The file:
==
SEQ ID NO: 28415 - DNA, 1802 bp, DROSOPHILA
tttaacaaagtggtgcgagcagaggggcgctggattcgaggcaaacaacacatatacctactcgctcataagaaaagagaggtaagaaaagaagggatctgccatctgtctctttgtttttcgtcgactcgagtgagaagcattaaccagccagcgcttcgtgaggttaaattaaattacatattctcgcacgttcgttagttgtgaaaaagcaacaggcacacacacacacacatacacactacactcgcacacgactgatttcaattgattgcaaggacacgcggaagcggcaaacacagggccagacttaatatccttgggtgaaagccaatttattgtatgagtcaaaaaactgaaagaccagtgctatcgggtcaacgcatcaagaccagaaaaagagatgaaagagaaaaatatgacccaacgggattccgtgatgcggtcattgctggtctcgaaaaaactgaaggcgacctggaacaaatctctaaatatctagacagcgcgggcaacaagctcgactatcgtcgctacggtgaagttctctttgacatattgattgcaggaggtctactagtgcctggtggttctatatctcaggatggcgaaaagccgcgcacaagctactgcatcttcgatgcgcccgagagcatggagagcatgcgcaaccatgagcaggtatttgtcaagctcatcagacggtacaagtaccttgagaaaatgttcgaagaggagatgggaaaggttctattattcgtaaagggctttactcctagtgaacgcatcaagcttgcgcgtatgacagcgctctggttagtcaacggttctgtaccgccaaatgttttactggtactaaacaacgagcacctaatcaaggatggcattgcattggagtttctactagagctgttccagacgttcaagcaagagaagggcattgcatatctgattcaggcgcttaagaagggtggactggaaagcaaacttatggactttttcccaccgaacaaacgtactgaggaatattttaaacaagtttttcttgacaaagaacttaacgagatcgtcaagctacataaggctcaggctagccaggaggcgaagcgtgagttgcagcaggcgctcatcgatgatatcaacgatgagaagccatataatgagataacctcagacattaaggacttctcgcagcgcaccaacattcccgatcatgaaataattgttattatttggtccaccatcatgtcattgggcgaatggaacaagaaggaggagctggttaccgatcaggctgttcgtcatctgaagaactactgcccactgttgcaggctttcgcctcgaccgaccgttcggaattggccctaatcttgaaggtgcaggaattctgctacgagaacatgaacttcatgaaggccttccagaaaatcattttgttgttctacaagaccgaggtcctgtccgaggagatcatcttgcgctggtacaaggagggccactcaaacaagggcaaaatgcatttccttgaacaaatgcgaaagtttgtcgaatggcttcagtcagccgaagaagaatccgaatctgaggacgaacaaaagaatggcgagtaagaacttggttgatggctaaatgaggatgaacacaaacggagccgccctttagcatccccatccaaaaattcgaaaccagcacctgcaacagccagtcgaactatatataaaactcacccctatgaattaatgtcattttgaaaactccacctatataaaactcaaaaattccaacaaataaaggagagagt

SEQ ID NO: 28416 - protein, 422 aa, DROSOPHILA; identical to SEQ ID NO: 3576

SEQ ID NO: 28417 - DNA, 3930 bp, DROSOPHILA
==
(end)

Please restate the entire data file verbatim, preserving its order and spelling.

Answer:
SEQ ID NO: 28415 - DNA, 1802 bp, DROSOPHILA
tttaacaaagtggtgcgagcagaggggcgctggattcgaggcaaacaacacatatacctactcgctcataagaaaagagaggtaagaaaagaagggatctgccatctgtctctttgtttttcgtcgactcgagtgagaagcattaaccagccagcgcttcgtgaggttaaattaaattacatattctcgcacgttcgttagttgtgaaaaagcaacaggcacacacacacacacatacacactacactcgcacacgactgatttcaattgattgcaaggacacgcggaagcggcaaacacagggccagacttaatatccttgggtgaaagccaatttattgtatgagtcaaaaaactgaaagaccagtgctatcgggtcaacgcatcaagaccagaaaaagagatgaaagagaaaaatatgacccaacgggattccgtgatgcggtcattgctggtctcgaaaaaactgaaggcgacctggaacaaatctctaaatatctagacagcgcgggcaacaagctcgactatcgtcgctacggtgaagttctctttgacatattgattgcaggaggtctactagtgcctggtggttctatatctcaggatggcgaaaagccgcgcacaagctactgcatcttcgatgcgcccgagagcatggagagcatgcgcaaccatgagcaggtatttgtcaagctcatcagacggtacaagtaccttgagaaaatgttcgaagaggagatgggaaaggttctattattcgtaaagggctttactcctagtgaacgcatcaagcttgcgcgtatgacagcgctctggttagtcaacggttctgtaccgccaaatgttttactggtactaaacaacgagcacctaatcaaggatggcattgcattggagtttctactagagctgttccagacgttcaagcaagagaagggcattgcatatctgattcaggcgcttaagaagggtggactggaaagcaaacttatggactttttcccaccgaacaaacgtactgaggaatattttaaacaagtttttcttgacaaagaacttaacgagatcgtcaagctacataaggctcaggctagccaggaggcgaagcgtgagttgcagcaggcgctcatcgatgatatcaacgatgagaagccatataatgagataacctcagacattaaggacttctcgcagcgcaccaacattcccgatcatgaaataattgttattatttggtccaccatcatgtcattgggcgaatggaacaagaaggaggagctggttaccgatcaggctgttcgtcatctgaagaactactgcccactgttgcaggctttcgcctcgaccgaccgttcggaattggccctaatcttgaaggtgcaggaattctgctacgagaacatgaacttcatgaaggccttccagaaaatcattttgttgttctacaagaccgaggtcctgtccgaggagatcatcttgcgctggtacaaggagggccactcaaacaagggcaaaatgcatttccttgaacaaatgcgaaagtttgtcgaatggcttcagtcagccgaagaagaatccgaatctgaggacgaacaaaagaatggcgagtaagaacttggttgatggctaaatgaggatgaacacaaacggagccgccctttagcatccccatccaaaaattcgaaaccagcacctgcaacagccagtcgaactatatataaaactcacccctatgaattaatgtcattttgaaaactccacctatataaaactcaaaaattccaacaaataaaggagagagt

SEQ ID NO: 28416 - protein, 422 aa, DROSOPHILA; identical to SEQ ID NO: 3576

SEQ ID NO: 28417 - DNA, 3930 bp, DROSOPHILA